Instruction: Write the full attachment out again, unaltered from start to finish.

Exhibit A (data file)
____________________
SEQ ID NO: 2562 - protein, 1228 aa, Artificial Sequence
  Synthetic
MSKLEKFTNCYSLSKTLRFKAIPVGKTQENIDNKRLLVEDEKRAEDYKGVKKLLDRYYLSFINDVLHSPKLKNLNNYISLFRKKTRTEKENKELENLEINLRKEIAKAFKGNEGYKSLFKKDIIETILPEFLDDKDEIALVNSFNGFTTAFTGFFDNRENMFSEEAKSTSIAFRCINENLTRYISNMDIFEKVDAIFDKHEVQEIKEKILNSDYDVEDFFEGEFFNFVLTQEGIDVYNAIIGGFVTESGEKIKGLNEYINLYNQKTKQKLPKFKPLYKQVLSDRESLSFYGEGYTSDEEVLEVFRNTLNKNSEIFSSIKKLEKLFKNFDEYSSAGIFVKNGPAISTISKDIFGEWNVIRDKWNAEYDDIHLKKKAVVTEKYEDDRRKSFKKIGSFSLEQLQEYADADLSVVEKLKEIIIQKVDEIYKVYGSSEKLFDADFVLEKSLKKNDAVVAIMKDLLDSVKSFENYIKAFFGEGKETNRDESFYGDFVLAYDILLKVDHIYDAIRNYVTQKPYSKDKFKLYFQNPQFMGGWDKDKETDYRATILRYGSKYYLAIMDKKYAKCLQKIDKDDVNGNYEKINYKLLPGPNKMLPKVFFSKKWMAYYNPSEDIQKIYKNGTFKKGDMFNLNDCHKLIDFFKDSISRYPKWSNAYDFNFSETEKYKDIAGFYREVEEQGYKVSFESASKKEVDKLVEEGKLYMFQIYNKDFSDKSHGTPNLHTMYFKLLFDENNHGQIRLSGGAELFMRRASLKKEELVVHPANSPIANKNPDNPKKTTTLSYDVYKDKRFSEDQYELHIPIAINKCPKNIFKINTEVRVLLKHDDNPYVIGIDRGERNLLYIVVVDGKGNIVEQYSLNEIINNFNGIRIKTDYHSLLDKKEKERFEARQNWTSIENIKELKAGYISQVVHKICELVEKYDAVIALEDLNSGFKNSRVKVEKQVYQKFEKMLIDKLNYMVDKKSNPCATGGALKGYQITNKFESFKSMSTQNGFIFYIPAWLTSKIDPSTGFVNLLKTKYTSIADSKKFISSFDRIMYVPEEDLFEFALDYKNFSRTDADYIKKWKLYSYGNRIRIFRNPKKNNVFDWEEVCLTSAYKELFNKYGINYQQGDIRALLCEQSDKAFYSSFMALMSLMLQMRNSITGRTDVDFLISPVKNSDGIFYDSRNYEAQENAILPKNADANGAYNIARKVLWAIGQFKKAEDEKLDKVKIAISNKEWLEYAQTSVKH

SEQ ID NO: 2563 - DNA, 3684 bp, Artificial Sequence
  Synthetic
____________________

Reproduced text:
SEQ ID NO: 2562 - protein, 1228 aa, Artificial Sequence
  Synthetic
MSKLEKFTNCYSLSKTLRFKAIPVGKTQENIDNKRLLVEDEKRAEDYKGVKKLLDRYYLSFINDVLHSPKLKNLNNYISLFRKKTRTEKENKELENLEINLRKEIAKAFKGNEGYKSLFKKDIIETILPEFLDDKDEIALVNSFNGFTTAFTGFFDNRENMFSEEAKSTSIAFRCINENLTRYISNMDIFEKVDAIFDKHEVQEIKEKILNSDYDVEDFFEGEFFNFVLTQEGIDVYNAIIGGFVTESGEKIKGLNEYINLYNQKTKQKLPKFKPLYKQVLSDRESLSFYGEGYTSDEEVLEVFRNTLNKNSEIFSSIKKLEKLFKNFDEYSSAGIFVKNGPAISTISKDIFGEWNVIRDKWNAEYDDIHLKKKAVVTEKYEDDRRKSFKKIGSFSLEQLQEYADADLSVVEKLKEIIIQKVDEIYKVYGSSEKLFDADFVLEKSLKKNDAVVAIMKDLLDSVKSFENYIKAFFGEGKETNRDESFYGDFVLAYDILLKVDHIYDAIRNYVTQKPYSKDKFKLYFQNPQFMGGWDKDKETDYRATILRYGSKYYLAIMDKKYAKCLQKIDKDDVNGNYEKINYKLLPGPNKMLPKVFFSKKWMAYYNPSEDIQKIYKNGTFKKGDMFNLNDCHKLIDFFKDSISRYPKWSNAYDFNFSETEKYKDIAGFYREVEEQGYKVSFESASKKEVDKLVEEGKLYMFQIYNKDFSDKSHGTPNLHTMYFKLLFDENNHGQIRLSGGAELFMRRASLKKEELVVHPANSPIANKNPDNPKKTTTLSYDVYKDKRFSEDQYELHIPIAINKCPKNIFKINTEVRVLLKHDDNPYVIGIDRGERNLLYIVVVDGKGNIVEQYSLNEIINNFNGIRIKTDYHSLLDKKEKERFEARQNWTSIENIKELKAGYISQVVHKICELVEKYDAVIALEDLNSGFKNSRVKVEKQVYQKFEKMLIDKLNYMVDKKSNPCATGGALKGYQITNKFESFKSMSTQNGFIFYIPAWLTSKIDPSTGFVNLLKTKYTSIADSKKFISSFDRIMYVPEEDLFEFALDYKNFSRTDADYIKKWKLYSYGNRIRIFRNPKKNNVFDWEEVCLTSAYKELFNKYGINYQQGDIRALLCEQSDKAFYSSFMALMSLMLQMRNSITGRTDVDFLISPVKNSDGIFYDSRNYEAQENAILPKNADANGAYNIARKVLWAIGQFKKAEDEKLDKVKIAISNKEWLEYAQTSVKH

SEQ ID NO: 2563 - DNA, 3684 bp, Artificial Sequence
  Synthetic